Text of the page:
Steve Askar: "This is a photo of me and my son (he said it's cool to use his picture). It was our first time on campus. We were filled with so much gratitude and joy for the opportunity to be here. The gratitude and joy continues to persist today."
Photo courtesy of Steve Askar
The Intellectual Contribution Award recognizes 13 Ed.M. students (one from each Ed.M. program) whose dedication to scholarship enhanced HGSE’s academic community and positively affected fellow students. Steve Askar will be honored with the Intellectual Contribution Award for School Leadership (SLP) at HGSE's Virtual Commencement on May 28.
Senior Lecturer Mary Grassa-O'Neill, faculty director of SLP, comments on Askar's selection: "Steven Askar is a transformational, empathetic, and elegant servant leader with an open mind. He listens attentively, challenges your ideas, and manages to support you while helping you to consider new ideas and ways of thinking. He makes you feel as though you are the most important person in the world. In addition, he knows how to disagree without being disagreeable, empowers others, and is an equity leader."
We spoke to Askar about his time at HGSE, his future plans, and what the new normal in education might look like:
What are your post-HGSE plans?
Steve Askar: I have launched a business with fellow student, Drew Madson. During our time at HGSE, we developed speech integration software that drives literacy improvement for all learners. We were fortunate enough to be awarded every round of funding through HILT, have launched a pilot with hundreds of students, and have secured a summer fellowship to continue scaling our product. Although somewhat terrified to step into the unknown sea of entrepreneurialism, I feel hungry to address equity gaps and improve education outcomes.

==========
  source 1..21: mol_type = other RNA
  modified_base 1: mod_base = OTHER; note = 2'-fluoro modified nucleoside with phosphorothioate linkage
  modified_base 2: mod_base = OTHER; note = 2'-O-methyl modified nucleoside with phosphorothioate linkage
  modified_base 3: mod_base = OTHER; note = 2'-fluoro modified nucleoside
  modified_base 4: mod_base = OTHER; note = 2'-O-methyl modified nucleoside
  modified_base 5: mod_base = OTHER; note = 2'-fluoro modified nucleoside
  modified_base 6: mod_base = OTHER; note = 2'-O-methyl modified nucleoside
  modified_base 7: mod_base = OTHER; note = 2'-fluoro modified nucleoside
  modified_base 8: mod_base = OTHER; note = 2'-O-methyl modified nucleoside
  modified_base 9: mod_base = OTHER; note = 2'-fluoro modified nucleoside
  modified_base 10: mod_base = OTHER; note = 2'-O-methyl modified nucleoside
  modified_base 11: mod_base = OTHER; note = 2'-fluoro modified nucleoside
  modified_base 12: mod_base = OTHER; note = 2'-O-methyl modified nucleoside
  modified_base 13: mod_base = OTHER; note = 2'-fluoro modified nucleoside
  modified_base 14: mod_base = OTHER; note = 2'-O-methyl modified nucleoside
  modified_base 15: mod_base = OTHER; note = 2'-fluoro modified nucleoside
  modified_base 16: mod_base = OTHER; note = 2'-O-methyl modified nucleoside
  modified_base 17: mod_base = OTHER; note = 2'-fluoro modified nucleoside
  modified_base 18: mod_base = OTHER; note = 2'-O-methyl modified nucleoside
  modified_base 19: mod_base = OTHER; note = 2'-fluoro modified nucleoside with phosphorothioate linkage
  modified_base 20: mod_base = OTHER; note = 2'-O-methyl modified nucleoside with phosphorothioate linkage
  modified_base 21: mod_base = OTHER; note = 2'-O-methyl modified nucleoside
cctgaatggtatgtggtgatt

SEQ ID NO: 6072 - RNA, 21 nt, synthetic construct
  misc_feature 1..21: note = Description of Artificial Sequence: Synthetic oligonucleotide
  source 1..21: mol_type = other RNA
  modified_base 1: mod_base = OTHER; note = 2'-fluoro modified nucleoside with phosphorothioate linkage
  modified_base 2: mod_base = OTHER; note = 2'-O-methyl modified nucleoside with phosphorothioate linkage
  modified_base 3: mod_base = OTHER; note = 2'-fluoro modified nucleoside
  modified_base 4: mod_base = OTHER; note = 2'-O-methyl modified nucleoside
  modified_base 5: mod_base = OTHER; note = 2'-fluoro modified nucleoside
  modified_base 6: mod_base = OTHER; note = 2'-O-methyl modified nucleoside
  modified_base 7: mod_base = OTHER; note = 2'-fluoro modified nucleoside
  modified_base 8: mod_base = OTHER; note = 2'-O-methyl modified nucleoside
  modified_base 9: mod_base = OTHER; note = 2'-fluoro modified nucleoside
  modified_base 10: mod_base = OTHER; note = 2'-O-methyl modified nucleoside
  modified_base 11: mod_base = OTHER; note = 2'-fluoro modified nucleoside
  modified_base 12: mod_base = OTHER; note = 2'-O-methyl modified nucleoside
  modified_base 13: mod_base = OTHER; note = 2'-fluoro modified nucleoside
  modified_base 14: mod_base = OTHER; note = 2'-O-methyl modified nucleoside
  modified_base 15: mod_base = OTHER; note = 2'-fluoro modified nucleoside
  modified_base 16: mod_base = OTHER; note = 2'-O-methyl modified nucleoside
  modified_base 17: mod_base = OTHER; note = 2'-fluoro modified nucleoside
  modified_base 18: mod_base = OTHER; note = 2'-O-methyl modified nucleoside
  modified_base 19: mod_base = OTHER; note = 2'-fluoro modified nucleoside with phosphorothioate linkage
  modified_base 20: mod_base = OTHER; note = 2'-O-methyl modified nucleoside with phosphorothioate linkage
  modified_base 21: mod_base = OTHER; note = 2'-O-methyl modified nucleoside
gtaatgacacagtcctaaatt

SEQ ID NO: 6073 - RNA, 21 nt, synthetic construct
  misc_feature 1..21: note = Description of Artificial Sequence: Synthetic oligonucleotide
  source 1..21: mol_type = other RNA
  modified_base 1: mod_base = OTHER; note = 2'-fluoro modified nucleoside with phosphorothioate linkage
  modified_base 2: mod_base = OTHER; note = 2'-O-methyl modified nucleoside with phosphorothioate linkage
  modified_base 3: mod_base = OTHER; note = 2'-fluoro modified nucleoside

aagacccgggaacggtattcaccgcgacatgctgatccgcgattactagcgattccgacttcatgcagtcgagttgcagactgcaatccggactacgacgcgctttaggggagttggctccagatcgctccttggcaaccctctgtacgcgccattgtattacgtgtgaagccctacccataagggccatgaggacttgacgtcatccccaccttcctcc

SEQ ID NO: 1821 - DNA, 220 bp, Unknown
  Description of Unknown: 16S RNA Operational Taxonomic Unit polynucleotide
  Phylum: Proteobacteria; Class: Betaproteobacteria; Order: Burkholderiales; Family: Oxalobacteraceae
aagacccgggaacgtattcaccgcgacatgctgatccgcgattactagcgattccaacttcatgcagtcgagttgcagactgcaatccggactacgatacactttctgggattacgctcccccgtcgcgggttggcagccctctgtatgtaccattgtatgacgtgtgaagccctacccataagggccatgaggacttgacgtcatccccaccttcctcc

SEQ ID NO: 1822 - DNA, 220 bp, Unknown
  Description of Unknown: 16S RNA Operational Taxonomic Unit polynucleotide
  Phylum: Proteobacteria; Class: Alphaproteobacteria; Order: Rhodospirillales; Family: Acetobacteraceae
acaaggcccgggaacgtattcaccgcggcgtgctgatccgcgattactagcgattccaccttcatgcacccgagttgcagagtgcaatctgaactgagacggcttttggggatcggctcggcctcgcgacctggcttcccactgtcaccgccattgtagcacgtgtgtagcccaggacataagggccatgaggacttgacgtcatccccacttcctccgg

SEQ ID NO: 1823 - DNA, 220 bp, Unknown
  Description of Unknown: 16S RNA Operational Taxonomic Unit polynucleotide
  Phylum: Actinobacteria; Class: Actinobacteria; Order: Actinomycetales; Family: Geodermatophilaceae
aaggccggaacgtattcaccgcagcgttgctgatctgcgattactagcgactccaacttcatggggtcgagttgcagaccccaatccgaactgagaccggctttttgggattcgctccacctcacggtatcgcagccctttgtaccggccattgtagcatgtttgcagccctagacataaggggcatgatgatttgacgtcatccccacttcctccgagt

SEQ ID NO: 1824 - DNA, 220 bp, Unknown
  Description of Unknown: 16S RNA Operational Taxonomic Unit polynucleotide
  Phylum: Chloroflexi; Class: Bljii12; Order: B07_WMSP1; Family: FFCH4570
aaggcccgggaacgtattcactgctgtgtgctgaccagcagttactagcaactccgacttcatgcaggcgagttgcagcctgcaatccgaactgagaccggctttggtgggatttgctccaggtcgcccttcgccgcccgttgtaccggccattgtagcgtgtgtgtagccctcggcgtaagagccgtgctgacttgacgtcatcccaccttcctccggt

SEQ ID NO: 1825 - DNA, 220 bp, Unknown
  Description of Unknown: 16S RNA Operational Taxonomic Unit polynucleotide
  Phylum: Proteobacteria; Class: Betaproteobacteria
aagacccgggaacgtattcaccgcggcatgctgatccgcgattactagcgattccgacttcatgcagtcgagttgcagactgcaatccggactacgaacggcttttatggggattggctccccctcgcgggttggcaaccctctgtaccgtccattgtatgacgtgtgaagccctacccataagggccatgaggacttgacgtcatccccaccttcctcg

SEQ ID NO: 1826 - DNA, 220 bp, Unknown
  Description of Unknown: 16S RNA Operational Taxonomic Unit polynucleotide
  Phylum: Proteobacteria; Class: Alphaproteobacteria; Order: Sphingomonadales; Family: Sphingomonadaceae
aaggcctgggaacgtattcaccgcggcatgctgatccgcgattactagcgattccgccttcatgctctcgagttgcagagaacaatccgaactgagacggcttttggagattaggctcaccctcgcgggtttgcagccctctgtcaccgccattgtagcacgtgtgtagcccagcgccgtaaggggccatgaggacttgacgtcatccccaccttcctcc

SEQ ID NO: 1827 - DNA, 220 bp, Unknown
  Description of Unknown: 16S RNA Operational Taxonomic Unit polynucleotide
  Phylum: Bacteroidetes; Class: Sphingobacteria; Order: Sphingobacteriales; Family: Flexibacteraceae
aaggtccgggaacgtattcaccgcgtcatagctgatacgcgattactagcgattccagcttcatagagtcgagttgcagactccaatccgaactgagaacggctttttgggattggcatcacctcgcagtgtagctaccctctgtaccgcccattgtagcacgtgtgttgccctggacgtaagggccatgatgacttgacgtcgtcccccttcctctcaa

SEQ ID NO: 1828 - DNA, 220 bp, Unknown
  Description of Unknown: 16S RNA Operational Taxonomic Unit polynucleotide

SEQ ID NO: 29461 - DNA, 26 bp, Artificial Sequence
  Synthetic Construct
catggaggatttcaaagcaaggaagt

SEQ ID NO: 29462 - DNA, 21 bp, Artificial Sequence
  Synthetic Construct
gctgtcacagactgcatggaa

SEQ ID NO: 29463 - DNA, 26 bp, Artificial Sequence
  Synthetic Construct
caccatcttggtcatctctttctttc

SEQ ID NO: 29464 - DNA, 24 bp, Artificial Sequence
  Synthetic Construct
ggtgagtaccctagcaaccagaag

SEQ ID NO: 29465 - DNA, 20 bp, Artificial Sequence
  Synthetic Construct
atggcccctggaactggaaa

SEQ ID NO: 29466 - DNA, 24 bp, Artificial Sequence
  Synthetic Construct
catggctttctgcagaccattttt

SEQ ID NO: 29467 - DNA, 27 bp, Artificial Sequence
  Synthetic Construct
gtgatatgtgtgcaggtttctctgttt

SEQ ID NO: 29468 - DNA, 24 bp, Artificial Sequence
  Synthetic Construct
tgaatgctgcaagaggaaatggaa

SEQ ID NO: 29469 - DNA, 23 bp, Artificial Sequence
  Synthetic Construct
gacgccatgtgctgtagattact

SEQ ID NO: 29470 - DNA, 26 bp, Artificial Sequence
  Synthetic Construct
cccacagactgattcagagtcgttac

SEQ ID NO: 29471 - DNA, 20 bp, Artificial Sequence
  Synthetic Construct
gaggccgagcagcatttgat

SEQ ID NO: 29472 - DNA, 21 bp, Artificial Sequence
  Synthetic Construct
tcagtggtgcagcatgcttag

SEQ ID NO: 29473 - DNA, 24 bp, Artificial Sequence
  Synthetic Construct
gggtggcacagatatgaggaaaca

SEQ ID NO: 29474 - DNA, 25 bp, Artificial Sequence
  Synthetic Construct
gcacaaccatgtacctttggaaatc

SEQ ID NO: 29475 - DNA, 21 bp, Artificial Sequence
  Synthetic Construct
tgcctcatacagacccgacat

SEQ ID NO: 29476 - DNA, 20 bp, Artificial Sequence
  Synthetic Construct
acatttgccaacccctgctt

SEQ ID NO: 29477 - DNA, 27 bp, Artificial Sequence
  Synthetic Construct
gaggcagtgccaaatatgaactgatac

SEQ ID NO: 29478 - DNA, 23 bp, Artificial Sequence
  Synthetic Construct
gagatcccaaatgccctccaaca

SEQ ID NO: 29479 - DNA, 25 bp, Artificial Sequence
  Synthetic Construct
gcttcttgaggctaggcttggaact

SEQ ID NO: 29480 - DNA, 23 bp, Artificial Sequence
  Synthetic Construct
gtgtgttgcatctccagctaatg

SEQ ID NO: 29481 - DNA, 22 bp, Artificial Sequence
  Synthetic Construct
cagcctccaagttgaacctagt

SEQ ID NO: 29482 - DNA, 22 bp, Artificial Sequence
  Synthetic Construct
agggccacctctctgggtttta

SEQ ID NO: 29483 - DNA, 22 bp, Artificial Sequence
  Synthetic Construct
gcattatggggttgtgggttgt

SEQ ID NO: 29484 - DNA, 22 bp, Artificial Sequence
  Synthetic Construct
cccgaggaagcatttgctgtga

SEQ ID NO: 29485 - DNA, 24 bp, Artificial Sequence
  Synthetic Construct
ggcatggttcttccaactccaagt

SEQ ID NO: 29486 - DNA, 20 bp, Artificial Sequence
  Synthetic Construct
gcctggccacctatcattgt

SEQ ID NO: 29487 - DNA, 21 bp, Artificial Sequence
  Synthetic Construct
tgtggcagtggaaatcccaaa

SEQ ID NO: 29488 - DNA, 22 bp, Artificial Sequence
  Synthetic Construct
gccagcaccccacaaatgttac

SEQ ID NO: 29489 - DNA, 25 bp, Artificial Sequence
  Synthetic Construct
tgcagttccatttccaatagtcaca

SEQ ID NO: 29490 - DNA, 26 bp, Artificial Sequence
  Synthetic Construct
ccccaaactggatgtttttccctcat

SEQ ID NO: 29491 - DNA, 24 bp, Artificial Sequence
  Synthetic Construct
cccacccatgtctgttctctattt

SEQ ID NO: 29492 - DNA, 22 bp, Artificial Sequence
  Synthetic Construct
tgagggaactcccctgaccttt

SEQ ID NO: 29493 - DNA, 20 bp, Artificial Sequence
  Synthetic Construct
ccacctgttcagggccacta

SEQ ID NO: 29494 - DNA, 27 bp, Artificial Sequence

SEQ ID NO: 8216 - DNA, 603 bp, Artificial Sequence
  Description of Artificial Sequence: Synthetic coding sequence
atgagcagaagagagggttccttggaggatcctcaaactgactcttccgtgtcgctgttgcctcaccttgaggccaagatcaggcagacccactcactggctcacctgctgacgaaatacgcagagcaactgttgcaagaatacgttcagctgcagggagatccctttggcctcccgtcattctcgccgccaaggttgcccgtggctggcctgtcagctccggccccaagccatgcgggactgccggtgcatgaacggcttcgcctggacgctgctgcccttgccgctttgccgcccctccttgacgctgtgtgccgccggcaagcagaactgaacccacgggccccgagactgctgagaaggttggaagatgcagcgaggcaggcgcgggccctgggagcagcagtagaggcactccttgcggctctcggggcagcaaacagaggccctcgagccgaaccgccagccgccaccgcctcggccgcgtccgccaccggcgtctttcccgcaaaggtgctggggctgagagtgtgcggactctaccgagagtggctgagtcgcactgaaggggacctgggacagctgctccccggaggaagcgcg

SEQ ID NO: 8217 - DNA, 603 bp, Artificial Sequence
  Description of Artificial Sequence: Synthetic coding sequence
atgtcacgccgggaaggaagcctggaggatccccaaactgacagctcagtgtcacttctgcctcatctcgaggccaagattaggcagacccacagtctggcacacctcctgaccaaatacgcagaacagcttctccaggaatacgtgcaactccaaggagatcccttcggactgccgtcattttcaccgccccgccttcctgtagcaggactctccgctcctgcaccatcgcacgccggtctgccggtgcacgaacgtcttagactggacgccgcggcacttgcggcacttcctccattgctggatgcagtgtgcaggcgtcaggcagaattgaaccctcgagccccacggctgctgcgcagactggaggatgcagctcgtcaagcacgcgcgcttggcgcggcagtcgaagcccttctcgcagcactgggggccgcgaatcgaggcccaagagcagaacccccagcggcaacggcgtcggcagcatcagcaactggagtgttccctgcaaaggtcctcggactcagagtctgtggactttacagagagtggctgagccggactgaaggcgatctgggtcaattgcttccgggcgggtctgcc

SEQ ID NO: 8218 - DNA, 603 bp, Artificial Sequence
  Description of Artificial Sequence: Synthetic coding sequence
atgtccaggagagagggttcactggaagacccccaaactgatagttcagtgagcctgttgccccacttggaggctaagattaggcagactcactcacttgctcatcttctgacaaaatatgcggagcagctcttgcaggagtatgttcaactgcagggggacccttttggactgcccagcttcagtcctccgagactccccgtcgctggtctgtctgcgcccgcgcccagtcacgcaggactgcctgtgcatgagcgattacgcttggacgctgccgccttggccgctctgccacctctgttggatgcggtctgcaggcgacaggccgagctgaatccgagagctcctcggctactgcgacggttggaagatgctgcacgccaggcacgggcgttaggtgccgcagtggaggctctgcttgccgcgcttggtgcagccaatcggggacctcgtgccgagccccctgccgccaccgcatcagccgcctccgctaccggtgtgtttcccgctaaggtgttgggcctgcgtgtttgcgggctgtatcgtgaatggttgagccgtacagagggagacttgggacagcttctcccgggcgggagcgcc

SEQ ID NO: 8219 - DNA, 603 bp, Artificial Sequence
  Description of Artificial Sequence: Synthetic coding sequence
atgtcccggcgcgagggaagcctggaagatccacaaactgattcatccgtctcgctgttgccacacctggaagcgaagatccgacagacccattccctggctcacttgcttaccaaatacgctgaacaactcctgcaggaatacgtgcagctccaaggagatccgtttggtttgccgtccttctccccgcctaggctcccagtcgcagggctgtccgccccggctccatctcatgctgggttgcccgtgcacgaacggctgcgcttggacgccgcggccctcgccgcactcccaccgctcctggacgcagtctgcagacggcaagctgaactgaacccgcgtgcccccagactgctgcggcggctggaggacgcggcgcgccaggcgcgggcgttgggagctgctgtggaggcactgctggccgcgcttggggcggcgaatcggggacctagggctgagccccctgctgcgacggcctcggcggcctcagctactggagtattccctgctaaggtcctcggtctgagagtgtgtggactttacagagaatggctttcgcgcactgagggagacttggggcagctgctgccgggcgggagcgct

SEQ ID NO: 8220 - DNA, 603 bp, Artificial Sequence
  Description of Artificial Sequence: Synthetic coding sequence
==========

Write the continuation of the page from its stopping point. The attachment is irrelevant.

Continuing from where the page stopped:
What is something that you learned at HGSE that you will take with you throughout your career in education?
SA: Three things: 1) Trust God. 2) Value Family. 3) Question Everything.
"On the spectrum of pre-diversity to racial equity, belonging is something we cannot ignore. Our continued response to the pandemic will be measured, in large part, by our efforts to generate a collective sense of belonging." – Steve Askar
Is there any professor or class that significantly shaped your experience at the Ed School?
SA: My undergraduate professor — Dr. Mike Gentry — transformed my life. I did not think it was possible to meet another professor who matched his heart and mind. I was wrong. Although I love and am deeply grateful for all my professors, three, in particular, stand out to me: 1) Candice Bocala — Integrity, Compassion, Democracy. She embodies the kind of fearless equity warrior I hope to be one day. 2) Irvin Scott — Impact, Joy, Vision. I will carry Dr. Scott's songs in my heart wherever I go — he inspires me to be my authentic self. 3) Houman Harouni — Alternative, Conscious, Revolutionary. He pushes me to stretch my soul and encourages me to do the work.
How has the pandemic shifted your views of education?
SA: During the first two weeks of the pandemic quarantine, I called my brother, Jamshid, every day and spoke with him for hours. This was my unconscious way of seeking belonging amidst disequilibrium. With the seismic shifts in education, I wonder how kids are finding belonging in their own context. On the spectrum of pre-diversity to racial equity, belonging is something we cannot ignore. Our continued response to the pandemic will be measured, in large part, by our efforts to generate a collective sense of belonging. In this same vein, the pandemic has acted as catalyst for discovering alternative modes of belonging in an ever-evolving digital age of education.